“Well. There….actually is a trunk. But a few years ago, she had told us not to open it. She was very private about certain things.”

“What? What the hell? Are you kidding?” 2:09. “I have to go. They are going to leave.”

“Who?”

“My clients. I’m late. I’m never late for my sessions.” Another text. “Dr. Goffstein. Do I have our appointment time down correctly? It’s 2:09.”

“You have clients right now?”

“Yes.”

“Then why are you talking to your mother and why did she hand the phone to me? She, if anyone would understand if you had clients.”

“Dad. Where is it? Where’s the trunk?”

 “It’s been sitting in our airplane hanger ever since we helped her clear out her apartment. Strange that you would dream about a trunk.” Pause. Then - my mom again. “Jess. We’ll talk about it later. You should go and see your clients.”  I hang up.  Like I don’t fucking know that.

Deep breath. Shake it off. Compose yourself.  Stare through the peephole into the waiting room. I am never late. Sherry Chaiken is always early. Her eyes, beady and black stare through the door.  She is pissed. He’s on his iPhone. Could give a damn.   One last breath. Open door. Trivial conversation. Apologies for being 10 minutes late.  Last client had an emergency.  Couldn’t be helped.

Opposite ends of the couch. They hate each other almost as much as I hate sitting here right now.  I want to go to that airplane hanger. There is a trunk. There is an actual trunk!

Composed. “Who would like to begin?”

She stares at me, not sure if she should bite my head off or his.  She’s a rattlesnake. He’s a drunk rat.  “I always go first.” She stares at him with disgust. “Harold, can you put that phone away. Jesus! We are paying for this.”

He stares up at me, pleading for me to cut off her rattle. Slay the snake. End his misery. His left eye is slightly crossed. “I don’t know what to say, really.”

 

My dad. I remember when he first purchased that airplane hanger to store his AT-6 warbird.  The story about his miraculous discovery of the same airplane he had flown during his days of service in the war was printed in the St. Louis Post Dispatch. “Dr. Mike Goffstein, a South African doctor discovered his long-lost airplane after paging through an aviation trade publication, which arrived in his mailbox. “I almost threw the magazine away without a look,” he had told reporters, ‘almost missed the picture of the airplane with the South African insignias and the number 7721 on the fuselage. When I took a second look, I just couldn’t believe it.’”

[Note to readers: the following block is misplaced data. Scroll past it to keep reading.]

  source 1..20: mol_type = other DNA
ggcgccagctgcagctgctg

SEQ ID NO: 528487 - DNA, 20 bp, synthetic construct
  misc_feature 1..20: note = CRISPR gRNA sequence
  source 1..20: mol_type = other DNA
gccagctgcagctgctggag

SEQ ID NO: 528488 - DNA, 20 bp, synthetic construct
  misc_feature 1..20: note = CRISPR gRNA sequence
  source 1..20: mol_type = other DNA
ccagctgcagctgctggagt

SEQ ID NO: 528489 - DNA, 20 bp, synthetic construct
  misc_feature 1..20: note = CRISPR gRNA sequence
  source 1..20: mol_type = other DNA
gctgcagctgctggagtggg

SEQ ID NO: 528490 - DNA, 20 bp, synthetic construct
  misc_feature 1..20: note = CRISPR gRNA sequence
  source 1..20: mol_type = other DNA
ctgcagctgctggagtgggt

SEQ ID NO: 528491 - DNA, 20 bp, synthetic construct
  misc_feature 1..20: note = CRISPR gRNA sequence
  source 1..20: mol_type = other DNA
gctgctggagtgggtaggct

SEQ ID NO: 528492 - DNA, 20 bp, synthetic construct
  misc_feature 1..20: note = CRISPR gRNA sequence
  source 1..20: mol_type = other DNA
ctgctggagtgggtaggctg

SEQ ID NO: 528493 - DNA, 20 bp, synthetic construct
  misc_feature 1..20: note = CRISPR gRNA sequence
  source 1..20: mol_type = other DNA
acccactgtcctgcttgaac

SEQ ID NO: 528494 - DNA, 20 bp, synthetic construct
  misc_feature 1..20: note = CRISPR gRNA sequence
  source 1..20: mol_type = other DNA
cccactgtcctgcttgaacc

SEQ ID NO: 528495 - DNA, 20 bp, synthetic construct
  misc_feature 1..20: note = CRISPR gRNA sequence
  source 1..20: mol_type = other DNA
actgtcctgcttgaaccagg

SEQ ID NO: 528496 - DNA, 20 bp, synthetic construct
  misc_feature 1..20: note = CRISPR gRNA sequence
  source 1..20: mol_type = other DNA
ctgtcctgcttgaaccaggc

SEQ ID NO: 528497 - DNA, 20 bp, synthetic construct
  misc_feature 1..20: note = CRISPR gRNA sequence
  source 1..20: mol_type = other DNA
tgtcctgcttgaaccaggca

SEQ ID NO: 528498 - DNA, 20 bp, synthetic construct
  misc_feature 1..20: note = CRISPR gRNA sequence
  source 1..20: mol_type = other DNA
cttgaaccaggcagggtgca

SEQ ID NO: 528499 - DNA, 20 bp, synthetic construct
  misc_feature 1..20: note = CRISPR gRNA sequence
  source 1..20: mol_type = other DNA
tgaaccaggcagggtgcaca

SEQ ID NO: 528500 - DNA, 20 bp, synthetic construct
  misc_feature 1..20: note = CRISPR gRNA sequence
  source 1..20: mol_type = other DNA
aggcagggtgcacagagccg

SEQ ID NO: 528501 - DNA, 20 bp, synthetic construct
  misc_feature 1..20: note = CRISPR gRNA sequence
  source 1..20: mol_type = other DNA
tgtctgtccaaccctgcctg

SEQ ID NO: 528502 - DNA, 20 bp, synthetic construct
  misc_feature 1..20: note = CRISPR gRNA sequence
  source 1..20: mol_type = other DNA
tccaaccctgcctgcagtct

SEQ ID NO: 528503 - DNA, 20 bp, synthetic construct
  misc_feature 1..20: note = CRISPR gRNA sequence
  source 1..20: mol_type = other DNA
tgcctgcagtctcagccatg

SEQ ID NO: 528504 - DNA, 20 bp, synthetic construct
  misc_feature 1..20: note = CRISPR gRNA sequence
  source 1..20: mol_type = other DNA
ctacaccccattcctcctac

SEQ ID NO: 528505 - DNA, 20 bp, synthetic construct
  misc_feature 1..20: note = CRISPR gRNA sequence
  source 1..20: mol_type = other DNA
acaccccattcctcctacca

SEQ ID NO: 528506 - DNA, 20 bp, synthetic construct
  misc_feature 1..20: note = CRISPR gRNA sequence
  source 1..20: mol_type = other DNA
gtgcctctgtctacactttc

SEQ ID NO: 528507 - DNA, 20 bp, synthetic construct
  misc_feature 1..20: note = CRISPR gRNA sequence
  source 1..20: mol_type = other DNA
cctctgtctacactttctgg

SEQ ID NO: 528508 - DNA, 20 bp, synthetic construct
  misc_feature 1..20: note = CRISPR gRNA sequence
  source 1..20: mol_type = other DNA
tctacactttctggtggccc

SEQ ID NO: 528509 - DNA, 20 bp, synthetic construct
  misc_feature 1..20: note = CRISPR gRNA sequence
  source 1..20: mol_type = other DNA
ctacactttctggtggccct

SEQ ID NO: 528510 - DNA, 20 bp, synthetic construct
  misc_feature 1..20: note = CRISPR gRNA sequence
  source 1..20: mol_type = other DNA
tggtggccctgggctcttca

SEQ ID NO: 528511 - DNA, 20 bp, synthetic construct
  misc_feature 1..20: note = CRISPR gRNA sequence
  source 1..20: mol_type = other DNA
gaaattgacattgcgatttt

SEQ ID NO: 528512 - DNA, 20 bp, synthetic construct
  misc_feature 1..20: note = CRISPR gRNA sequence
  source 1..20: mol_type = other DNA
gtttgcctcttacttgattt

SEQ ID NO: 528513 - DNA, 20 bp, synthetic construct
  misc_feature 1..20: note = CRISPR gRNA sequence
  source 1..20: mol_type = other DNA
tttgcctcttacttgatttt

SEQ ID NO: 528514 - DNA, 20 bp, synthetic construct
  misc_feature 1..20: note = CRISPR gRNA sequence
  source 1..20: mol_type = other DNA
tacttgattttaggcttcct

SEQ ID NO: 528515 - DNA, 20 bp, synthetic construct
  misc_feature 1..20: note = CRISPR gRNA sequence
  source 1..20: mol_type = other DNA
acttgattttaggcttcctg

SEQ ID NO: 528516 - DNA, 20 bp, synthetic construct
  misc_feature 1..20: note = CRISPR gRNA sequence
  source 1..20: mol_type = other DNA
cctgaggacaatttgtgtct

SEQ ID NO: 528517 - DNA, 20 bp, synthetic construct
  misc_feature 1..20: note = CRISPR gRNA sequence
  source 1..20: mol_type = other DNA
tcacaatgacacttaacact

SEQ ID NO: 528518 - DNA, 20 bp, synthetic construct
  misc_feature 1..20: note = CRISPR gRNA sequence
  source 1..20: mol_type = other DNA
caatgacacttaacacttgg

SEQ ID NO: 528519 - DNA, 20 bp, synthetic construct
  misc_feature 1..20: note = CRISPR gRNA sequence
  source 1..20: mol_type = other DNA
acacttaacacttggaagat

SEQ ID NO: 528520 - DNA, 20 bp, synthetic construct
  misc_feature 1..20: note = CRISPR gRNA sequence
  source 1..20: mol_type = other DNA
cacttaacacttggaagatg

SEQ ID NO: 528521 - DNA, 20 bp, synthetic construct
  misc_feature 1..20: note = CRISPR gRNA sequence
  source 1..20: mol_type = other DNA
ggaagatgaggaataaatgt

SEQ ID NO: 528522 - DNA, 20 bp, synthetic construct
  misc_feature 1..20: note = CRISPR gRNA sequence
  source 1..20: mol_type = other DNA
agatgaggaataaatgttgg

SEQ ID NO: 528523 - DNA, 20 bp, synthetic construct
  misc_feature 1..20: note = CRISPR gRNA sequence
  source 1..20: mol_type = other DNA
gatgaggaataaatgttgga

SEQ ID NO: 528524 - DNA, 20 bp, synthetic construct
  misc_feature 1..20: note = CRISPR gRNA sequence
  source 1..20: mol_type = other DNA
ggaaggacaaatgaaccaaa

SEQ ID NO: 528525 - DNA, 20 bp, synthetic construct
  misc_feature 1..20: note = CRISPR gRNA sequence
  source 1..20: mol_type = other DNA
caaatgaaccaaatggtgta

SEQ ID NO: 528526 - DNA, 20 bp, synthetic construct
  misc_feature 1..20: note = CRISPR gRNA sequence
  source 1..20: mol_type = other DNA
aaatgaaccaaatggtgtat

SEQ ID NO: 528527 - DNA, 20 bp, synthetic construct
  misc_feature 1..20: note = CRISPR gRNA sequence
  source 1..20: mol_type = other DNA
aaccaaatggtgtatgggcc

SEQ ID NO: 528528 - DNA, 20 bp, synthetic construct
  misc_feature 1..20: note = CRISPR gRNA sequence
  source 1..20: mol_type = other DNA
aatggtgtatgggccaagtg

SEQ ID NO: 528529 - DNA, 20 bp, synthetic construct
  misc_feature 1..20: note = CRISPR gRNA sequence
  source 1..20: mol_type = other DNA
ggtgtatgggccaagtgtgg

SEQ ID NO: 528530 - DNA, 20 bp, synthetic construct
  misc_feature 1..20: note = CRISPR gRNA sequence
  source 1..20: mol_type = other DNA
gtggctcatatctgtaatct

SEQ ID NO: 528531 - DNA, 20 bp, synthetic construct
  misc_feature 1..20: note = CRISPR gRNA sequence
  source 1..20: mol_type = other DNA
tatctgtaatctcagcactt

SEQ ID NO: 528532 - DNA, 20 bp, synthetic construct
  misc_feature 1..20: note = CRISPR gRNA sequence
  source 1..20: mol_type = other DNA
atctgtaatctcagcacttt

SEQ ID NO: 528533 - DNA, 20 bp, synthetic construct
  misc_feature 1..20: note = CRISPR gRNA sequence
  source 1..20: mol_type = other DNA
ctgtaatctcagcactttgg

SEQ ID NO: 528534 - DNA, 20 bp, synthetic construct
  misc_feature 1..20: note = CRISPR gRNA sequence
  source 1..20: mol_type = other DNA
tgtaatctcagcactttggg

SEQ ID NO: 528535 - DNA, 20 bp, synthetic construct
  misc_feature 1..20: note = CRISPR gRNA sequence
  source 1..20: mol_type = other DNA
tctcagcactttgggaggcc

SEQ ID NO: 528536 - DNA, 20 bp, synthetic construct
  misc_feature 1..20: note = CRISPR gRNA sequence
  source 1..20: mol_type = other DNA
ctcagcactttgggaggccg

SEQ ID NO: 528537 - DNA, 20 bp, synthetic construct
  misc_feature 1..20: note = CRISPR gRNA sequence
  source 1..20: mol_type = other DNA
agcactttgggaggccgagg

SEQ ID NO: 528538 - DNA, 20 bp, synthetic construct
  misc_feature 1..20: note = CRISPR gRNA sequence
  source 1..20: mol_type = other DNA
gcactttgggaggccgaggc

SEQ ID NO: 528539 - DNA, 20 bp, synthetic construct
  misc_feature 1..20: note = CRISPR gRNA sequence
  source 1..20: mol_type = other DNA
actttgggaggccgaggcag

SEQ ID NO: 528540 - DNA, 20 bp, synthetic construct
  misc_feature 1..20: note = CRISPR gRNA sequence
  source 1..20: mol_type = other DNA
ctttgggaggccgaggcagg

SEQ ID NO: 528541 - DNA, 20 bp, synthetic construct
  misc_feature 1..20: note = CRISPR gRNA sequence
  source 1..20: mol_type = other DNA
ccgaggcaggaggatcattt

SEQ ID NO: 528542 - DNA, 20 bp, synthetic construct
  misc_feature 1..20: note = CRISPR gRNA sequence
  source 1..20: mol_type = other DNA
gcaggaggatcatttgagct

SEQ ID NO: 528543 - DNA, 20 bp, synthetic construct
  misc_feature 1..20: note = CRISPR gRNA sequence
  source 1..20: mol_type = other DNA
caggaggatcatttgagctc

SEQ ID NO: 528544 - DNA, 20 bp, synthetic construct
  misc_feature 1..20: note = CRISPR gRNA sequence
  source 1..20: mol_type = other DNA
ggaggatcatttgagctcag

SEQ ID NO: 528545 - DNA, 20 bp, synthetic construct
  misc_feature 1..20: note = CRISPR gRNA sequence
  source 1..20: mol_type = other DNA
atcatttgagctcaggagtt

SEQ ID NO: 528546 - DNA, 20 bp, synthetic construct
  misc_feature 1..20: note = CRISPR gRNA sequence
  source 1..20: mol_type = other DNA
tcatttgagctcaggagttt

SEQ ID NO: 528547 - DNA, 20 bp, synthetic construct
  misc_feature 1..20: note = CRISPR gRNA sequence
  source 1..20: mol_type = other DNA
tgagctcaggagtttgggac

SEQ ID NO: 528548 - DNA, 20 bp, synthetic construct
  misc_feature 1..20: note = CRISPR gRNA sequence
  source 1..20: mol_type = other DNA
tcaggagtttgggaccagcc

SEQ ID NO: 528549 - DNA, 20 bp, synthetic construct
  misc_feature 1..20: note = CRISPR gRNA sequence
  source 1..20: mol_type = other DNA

She glares at me. “He never has anything to say. He just sits there with a blank expression on his face. Why don’t you tell her what happened?”

The rat shows his sharpened teeth. “You tell her. You’re never at a shortage for words.”

            My father had flown 400 hours as a member of the South African Air Force in a plane that resembled the one pictured, an AT-6 Texan. The number on the aircraft, 7721, was confirmed it was indeed the same plane.

            His last flight in the AT-6 had been in the early 1970’s and he’d never expected to see it again. The ad provided some sketchy information, some of it whimsical: “Batteries not included. Some assembly required.”

            When he called the plane’s owner, Olly Smith, in Denver, the two were able to confirm that it indeed had been my dad’s airplane. Mr. Smith said he had decided to keep the plane, but when he heard my dad’s story, he got caught up in the excitement.

            “Okay. Okay.” Voice elevated. “I’ll tell her, since you can’t ever find it in yourself to be truthful. It’s always somebody else’s fault. Somebody did this. Somebody did that. Well guess what. It’s not somebody. It’s your body. Somebody didn’t put his penis in Vilda’s vagina. Your body did that. Harold’s body. Harold’s penis. Not somebody’s penis for Christ sake. Somebody. Somebody. Always somebody else to blame.” Sudden look toward me. “Remember, Vilda?” Nodding. The rat grins ever so slightly.  Turning back to him. “You think this is funny?” Grin departs.

            “No.”

            “No? No?